Dieselpunks

Dieselpunk + Steampunk Culture

Hi there Dieselpeople!

I am a great fan of both Steampunk and Dieselpunk; in my country (Italy) I'm trying to promote our beautiful culture by founding the first Italian Dieselpunk page and group.

And I was wondering... About the "correct" Dieselpunk timeline. Well, as Tome cleverly stated in another article, Dieselpunks are not interested into historical purity, so history accuracy is surely important but not so vital in our imaginary landscape.

But, as part of the definition of "what is DP" itself, we must in a certain way find an appropriate timespan to settle our imaginary vision of the future (or of the past, if you prefer!) in a way in which it becomes immediately recognizable.

For example, many of you say that "Dieselpunk is a style that blends the art and culture of the 1920s - 1950s with today." But in my own view, this is a bit restricting. I tend to see a larger timespan for DP, as for example from the very last years of Victorian era (1890s or so), to the first half of the 1950s.
 Sort of a Belle-Epoque-inspired in some points, maybe, with hints of Steampunk aesthetics too.

Many of my Steampunk-friends do not agree with my idea, finding it something similar to an "hybrid", others do, I mean DP is a very ecleptic culture so maybe it's more about the feeling and the flavour you give it than the historical point of view (e.g. outfits: one can dress as a Victorian lady and be immediately recognizable as Steampunk, and one can dress as a pre-WWI soldier using lots of cogs too, but still being immediately recognizable as Dieselpunk-inspired).

As Tome stated, I do not fancy historical purity. So the concept of "Diesel Era" is really vague and tractable for me. And I was just curious about your opinion. What kind of Dieselpunk timeline do you choose as your own?

Love,
Lenore

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I think that some degree of slicing and dicing is okay, but I think we're approaching it wrong. We are looking for the zeitgeist - the peak. But we are only labeling the crests, the edges. I think instead of trying to figure out, where the different xpunks start and end, we should figure out where they peak. The middle of their timelines. Atompunk peaked during the Cuban Missile Crisis, or perhaps earlier, during the "bomber gap" hysteria? Steampunk, should be marked in the middle by the saturation of steam trains, and the subsequent adoption of "railway time" by the Victorian British. Dieselpunk should be marked during the crest of wartime production (and rationing) during the second world war.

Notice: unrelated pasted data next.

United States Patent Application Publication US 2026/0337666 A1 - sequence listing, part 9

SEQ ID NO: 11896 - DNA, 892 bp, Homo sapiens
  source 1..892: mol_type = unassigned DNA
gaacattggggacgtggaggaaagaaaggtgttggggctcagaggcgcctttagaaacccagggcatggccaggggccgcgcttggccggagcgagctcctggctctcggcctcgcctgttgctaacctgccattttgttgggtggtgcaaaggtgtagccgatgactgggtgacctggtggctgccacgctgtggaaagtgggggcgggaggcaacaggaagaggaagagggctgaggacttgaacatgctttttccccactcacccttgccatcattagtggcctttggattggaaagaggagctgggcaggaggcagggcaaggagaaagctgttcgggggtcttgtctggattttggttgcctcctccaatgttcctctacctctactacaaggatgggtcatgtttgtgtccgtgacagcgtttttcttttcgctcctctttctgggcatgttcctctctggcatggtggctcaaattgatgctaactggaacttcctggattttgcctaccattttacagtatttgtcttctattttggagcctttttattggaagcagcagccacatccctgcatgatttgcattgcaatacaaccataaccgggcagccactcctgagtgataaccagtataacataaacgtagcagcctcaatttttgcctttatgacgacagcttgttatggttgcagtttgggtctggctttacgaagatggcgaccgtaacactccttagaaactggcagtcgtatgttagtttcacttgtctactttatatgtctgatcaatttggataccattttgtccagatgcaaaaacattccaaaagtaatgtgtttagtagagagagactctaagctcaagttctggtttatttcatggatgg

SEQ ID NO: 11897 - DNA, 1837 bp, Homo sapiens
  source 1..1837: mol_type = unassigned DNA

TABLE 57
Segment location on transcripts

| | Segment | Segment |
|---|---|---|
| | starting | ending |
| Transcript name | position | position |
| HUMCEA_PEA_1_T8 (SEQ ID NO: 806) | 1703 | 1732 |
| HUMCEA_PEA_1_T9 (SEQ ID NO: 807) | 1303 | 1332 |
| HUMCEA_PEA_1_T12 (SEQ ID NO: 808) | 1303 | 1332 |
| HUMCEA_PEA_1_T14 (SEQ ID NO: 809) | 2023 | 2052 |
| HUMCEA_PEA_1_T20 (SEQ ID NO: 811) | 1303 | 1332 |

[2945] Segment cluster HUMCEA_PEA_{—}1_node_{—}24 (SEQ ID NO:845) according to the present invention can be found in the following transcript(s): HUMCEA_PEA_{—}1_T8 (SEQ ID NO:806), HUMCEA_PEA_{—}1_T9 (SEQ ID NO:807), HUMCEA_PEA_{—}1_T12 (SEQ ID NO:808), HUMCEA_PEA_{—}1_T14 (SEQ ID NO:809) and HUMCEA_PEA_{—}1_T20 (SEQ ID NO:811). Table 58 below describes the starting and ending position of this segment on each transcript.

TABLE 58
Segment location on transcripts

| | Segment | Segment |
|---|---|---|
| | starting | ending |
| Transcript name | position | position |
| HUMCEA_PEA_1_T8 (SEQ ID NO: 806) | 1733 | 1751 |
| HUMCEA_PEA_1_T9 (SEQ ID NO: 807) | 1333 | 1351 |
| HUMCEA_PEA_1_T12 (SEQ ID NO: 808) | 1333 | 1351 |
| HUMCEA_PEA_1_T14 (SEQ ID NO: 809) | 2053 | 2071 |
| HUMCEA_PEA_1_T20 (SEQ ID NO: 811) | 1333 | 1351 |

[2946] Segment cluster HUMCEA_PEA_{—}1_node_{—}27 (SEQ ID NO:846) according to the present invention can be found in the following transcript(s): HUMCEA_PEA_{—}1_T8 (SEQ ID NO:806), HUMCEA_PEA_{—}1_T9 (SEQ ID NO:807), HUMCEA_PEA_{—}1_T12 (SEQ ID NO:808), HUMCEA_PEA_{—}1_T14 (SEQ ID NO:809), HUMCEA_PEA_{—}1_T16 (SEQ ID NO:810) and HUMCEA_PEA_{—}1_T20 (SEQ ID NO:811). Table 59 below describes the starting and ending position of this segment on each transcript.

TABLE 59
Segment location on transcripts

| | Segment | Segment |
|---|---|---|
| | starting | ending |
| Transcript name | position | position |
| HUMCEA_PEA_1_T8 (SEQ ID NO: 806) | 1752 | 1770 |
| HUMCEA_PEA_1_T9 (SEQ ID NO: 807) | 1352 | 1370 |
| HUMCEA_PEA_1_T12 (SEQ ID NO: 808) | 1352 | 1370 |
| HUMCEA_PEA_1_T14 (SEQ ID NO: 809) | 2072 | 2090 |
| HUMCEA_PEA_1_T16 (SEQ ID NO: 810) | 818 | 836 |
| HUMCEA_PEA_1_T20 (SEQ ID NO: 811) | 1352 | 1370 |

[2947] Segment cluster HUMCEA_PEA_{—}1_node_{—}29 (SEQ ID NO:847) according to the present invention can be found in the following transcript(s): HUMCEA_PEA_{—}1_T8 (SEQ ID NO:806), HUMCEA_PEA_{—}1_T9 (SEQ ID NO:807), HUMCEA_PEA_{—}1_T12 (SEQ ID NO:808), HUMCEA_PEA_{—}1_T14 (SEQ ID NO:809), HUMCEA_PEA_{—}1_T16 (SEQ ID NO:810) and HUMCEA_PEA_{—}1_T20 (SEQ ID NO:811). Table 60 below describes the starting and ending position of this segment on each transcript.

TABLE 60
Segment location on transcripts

So we have these dates instead

Steampunk: 1860

Dieselpunk: 1942

Atom Punk: 1962

And they radiate out to the eras surrounding them. So the aesthetics of one year were largely the aesthetics of the next. The fifties we not all cold war all atomic everything, just as the Edwardian era was not the loud-talkin' mass produced dieselfest some would hope for. Large cultural shifts, even dramatic ones, happen with time, and the "barriers" between "periods" are fuzzy at best, nonexistent at worst. I think that a work is dieselpunk by its attitude and technology, not its timeframe, but being closer to the zeitgeist of the "diesel" era makes it more likely that a work will be dieselpunk.

Well put, Mikey, and great idea on marking the peak of the curve rather than the ends. Wish I'd thought of that.

Of course I'd say Steampunk peaks in 1880 when steam trains and steam ships were well established rather than just starting to make their effects felt and I'd be tempted to call the Diesel peak a bit earlier, say '38 when the crap's just getting ready to hit the fan (let the era peak debate commense! Ha! ;-P).

Fully agree it's about the tech and the attitude rather than the callender.

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